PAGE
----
17.3 %

1440x900

10.5 %

1680x1050

10.0 %

1920x1200

4.6 %

1366x768

3.6 %

1920x1080

2.3 %

1152x864

2.1 %

1600x1200

1.4 %

1280x768

1.2 %

Other

4.8 %

These statistics are based on
W3Schools users.

(((Please leave a
11 Jun 2010 - 8:22am
Dasbender
2009

Agreed.  Two words: Liquid Layout.

That said, we obviously have to design within a certain range, before the size/proportion becomes so out of whack that the design should totally change, e.g., it's unrealistic to expect a UI optimized for 1280 x 768 to be just as effecive on my cellphone's 1" display.

11 Jun 2010 - 8:25am
Dasbender
2009

I guess it's also worth saying that it depends on what demographic you're designing for.  Those w3schools stats show what resolutions are most commonly used by people who visit the w3schools site.

I think my parents are still running 800 x 600, so you may want to optimize for a smaller resolution if you're selling something to retirees :)

13 Jun 2010 - 6:07am
Petra Quilitz
2009

 

I prefer sites like this: http://www.screenresolution.org/ for a more realistic insight. You can never get everyone to see your site the way it is intended. 

But if the designer or IA is deciding the screen resolution, there is something off in the project. Because it's not a design decision but a marketing decision.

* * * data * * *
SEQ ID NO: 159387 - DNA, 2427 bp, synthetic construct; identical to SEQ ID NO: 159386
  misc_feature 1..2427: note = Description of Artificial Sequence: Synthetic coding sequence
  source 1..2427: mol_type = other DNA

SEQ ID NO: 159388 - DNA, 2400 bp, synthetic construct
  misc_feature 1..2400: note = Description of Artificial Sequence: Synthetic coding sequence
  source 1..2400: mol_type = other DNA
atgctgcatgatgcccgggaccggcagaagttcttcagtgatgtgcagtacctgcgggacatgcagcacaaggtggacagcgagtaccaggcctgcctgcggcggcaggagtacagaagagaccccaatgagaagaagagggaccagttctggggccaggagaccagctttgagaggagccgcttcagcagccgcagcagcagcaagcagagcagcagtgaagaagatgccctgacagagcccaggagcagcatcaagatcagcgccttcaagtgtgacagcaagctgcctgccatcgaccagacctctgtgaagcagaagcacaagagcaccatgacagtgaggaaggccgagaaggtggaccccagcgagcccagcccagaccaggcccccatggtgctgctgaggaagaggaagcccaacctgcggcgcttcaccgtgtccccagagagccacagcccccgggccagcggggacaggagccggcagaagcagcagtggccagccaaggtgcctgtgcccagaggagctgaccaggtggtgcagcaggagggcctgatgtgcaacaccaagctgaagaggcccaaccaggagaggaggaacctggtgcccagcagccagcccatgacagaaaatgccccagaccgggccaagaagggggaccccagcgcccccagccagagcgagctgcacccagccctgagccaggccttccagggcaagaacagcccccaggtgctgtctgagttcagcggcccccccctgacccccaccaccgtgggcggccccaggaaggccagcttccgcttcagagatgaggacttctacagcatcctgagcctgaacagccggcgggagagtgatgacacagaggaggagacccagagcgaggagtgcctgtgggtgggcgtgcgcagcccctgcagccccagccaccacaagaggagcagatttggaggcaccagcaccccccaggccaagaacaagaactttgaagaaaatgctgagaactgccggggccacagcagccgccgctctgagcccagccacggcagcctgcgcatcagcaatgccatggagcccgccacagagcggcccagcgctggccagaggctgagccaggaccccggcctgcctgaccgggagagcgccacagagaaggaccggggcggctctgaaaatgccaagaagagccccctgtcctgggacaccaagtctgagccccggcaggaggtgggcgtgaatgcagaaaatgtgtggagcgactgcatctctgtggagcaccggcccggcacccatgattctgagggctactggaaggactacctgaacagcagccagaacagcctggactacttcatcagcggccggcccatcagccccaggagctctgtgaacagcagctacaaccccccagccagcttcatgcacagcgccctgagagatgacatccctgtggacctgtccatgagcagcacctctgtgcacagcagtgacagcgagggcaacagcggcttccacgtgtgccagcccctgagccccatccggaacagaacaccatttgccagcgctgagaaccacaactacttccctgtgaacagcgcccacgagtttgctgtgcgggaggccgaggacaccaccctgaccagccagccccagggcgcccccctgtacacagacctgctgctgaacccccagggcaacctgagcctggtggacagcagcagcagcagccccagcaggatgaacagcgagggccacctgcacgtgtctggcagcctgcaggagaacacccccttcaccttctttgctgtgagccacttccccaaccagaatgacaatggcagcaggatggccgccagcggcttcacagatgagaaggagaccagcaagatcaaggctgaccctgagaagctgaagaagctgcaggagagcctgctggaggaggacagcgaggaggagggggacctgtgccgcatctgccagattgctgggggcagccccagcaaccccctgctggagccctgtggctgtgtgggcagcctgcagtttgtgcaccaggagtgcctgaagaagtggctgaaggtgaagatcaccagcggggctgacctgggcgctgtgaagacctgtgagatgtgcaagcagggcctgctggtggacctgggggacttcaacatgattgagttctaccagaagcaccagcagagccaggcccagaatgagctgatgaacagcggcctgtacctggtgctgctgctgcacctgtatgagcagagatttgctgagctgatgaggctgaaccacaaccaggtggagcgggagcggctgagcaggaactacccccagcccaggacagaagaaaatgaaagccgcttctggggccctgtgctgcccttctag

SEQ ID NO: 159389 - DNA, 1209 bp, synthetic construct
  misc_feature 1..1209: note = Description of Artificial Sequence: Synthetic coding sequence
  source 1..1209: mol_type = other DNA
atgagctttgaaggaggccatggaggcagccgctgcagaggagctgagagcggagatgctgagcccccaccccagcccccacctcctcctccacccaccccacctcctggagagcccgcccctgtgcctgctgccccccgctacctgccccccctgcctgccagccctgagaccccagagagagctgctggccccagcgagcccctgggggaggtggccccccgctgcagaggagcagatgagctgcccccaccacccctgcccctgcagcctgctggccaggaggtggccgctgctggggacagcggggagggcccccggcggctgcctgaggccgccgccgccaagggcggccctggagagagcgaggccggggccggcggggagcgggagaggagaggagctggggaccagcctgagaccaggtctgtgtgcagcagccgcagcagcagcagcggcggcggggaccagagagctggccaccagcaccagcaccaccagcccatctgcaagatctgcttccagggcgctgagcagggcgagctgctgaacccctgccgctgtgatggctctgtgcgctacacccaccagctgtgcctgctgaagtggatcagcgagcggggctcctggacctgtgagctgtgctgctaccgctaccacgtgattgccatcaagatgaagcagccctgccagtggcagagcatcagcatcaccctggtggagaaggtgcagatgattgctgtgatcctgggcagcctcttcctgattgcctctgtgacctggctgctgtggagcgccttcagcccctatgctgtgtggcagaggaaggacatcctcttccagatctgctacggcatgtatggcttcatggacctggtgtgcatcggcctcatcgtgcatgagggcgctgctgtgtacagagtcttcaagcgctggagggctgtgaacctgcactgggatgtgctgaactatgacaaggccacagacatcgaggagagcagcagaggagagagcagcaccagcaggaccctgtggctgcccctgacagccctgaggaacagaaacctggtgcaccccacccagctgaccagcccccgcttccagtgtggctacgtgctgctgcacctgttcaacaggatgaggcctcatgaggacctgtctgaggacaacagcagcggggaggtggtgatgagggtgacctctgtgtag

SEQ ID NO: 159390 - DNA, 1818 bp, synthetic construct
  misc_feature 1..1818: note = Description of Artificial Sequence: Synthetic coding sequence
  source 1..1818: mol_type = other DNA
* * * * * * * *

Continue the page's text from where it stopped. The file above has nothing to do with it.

Usually you'd have a Senior Concepter  present the client with a selling strategy (on how the site will increase sales, boost brand performance, or increase partner relations) . In it, there would be a section titled "Target Audience" There you would sum up the information the client has given you (on request) about the demographical and biological but also technical aspects of the brand's audience.

 After this presentation, ideally, you have a client sign off on the most critical technical aspects: what resolutions, processor speeds and, most importantly, which browser versions to ignore when getting into the next phase, the design execution

 Often, a client will sign off on ignoring any percentage below 10%, which, for some brands can still be hundreds of thousands of users that won't be able to see the site properly. So this is a decision you don't want on your hands as a designer. This is better left to the client's marketing department. 

 If you don't have a client sign off on screen resolution and browser version, you can easily end up in deep trouble at the end of the project, when the client receives user feedback (people with the slowest computers, darkest monitors and oldest browsers are the ones to complain the first). If you don't have the sign off you can then look forward to the wonderful task of adapting the site to different screen resolutions and browser versions, for free.  (I don't know about you but I have other things to do in my free time than cleaning up after easily avoidable negotiation mistakes.)

As a general rule for many e-commerce sites (which are the ones that usually want to get as many people as possible): width: 1024 minus 20-30 pixel for browser frame and scroll bar = pretty much 1000 pixel,  height: 768 minus 80-100 pixel for bottom browser bar and possible app desktop bars on user computers = pretty much 680.

 

Syndicate content Get the feed